Is David James book published for free? Does he get royalties for this book or was he paid an advance? Pro writers have enough trouble competing with people willing to GIVE their work for free, much less fighting piracy. As you mentioned, there are thousands of public domain titles available out there. But no one seems to understand that work and time was spent to create these works. I can almost understand the pirate who says “I bought this movie/book/CD, it’s mine to share as I wish.” But the people who steal and then charge others for the wares are not only thieves, they’re fences. So is it ignorance or arrogance?

  10. collapse expand

    Read Mark Helprin’s “Digital Barbarism”. He makes a very cogent and articulate argument for keeping copyright law intact, in direct opposition to Lawrence Lessig’s “Creative Commons” theory.

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    Copying is not theft. Plain and simple. You have not lost anything. You have gained popularity and fans. Raging at the people who read and enjoyed your works will only serve to alienate those who want to read it. Studies (http://www.techdirt.com/articles/20090604/0117405122.shtml) have shown that “pirates” are in fact loyal customers that DO purchase goods they pirate. This issue is far from the cut and dry “they’re stealing my monies!!!” typically presented by copyright holders. There is now a free infinite good made of your property, deal with it. You still sell and make money off your physical scarce good. You could go even further and find new scarce goods related to your original work to sell. Your inability to adapt to the marketplace is not the fault of the marketplace.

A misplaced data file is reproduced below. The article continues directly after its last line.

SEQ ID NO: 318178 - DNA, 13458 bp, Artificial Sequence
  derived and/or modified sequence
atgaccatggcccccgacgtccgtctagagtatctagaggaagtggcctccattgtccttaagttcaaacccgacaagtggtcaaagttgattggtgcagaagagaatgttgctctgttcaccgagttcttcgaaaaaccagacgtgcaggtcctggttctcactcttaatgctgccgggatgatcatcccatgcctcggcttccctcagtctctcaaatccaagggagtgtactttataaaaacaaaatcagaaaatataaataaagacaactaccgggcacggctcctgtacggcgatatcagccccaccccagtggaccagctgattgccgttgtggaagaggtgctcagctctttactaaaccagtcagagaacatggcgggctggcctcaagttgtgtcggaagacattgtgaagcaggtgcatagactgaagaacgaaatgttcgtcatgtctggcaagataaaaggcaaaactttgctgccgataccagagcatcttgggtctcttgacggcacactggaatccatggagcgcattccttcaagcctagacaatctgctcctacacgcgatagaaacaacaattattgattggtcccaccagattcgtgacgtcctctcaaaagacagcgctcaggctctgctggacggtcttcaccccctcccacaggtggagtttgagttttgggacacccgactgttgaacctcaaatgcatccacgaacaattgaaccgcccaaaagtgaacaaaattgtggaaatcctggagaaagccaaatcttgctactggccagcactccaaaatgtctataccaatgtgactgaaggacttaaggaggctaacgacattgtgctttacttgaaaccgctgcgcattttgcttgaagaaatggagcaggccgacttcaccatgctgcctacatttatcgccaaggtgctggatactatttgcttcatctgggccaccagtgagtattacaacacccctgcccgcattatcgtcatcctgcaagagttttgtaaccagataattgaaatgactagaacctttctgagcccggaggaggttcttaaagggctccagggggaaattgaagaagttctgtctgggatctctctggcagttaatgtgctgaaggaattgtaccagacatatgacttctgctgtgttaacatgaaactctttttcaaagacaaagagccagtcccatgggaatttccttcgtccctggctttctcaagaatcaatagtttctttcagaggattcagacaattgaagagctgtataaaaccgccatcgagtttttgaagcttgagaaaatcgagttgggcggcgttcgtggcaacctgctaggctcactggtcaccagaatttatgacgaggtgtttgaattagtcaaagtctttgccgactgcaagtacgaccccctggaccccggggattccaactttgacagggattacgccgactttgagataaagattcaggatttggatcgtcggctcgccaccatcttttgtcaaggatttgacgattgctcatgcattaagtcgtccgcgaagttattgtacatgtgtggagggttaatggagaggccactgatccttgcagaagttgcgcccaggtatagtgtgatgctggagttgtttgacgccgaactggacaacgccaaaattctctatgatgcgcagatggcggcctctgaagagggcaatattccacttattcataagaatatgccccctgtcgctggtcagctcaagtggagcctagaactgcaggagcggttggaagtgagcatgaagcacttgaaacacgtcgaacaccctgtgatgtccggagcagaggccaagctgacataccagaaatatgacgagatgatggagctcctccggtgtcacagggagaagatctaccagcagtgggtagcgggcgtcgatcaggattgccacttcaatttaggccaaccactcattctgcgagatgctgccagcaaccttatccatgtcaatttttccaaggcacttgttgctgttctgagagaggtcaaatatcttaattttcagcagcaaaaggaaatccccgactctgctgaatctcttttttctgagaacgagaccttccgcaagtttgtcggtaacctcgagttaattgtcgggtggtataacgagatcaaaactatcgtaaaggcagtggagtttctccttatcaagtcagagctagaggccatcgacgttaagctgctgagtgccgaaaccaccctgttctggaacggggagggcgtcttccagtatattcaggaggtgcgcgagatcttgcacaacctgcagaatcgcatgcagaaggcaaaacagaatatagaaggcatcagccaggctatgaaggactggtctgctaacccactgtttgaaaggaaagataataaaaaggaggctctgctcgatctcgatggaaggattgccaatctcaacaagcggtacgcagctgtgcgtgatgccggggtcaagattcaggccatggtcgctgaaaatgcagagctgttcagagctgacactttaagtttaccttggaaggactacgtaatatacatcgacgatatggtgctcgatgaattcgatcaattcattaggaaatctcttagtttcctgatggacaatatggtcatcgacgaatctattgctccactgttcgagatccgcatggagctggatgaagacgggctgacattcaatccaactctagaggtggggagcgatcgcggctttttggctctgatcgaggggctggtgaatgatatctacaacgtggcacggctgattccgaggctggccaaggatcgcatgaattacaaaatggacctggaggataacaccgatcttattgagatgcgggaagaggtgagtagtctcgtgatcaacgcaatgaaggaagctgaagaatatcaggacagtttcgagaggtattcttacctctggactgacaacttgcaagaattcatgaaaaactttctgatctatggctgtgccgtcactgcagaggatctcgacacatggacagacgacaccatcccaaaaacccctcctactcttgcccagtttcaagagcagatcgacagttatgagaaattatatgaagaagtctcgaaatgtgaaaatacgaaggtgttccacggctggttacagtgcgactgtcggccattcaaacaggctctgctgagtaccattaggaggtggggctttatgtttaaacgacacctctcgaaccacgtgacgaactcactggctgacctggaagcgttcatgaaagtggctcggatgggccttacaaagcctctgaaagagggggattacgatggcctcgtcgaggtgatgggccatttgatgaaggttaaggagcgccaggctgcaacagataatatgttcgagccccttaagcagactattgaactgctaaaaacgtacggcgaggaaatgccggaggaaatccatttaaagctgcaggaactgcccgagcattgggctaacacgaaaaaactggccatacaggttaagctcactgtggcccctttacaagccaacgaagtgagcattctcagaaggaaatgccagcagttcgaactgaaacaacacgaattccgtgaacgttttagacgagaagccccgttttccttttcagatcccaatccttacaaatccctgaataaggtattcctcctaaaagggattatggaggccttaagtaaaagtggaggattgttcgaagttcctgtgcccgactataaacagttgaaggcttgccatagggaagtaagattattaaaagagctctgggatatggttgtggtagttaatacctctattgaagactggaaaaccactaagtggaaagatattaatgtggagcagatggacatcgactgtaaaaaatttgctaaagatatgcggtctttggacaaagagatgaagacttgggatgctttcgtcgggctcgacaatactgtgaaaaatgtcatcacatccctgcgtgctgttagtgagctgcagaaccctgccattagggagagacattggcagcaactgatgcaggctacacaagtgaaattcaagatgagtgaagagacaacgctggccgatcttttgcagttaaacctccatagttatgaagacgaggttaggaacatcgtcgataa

This is capitalism. Meet the needs of your consumers or keep whining as you fail.

  12. collapse expand

    Wow Justin…you are missing the point. I know that bottled water is tap water. No big surprise there. It doesn’t change the fact that if I was STEALING it all along I wouldn’t suddenly decide to pay for it because I like it.

    That was the original “argument” made. That pirating someone’s work is like advertising and if the person steals it and likes it then they will buy legit copies. That is the fallacy here.

    • collapse expand

      It doesn’t change the fact that if I was STEALING it all along I wouldn’t suddenly decide to pay for it because I like it.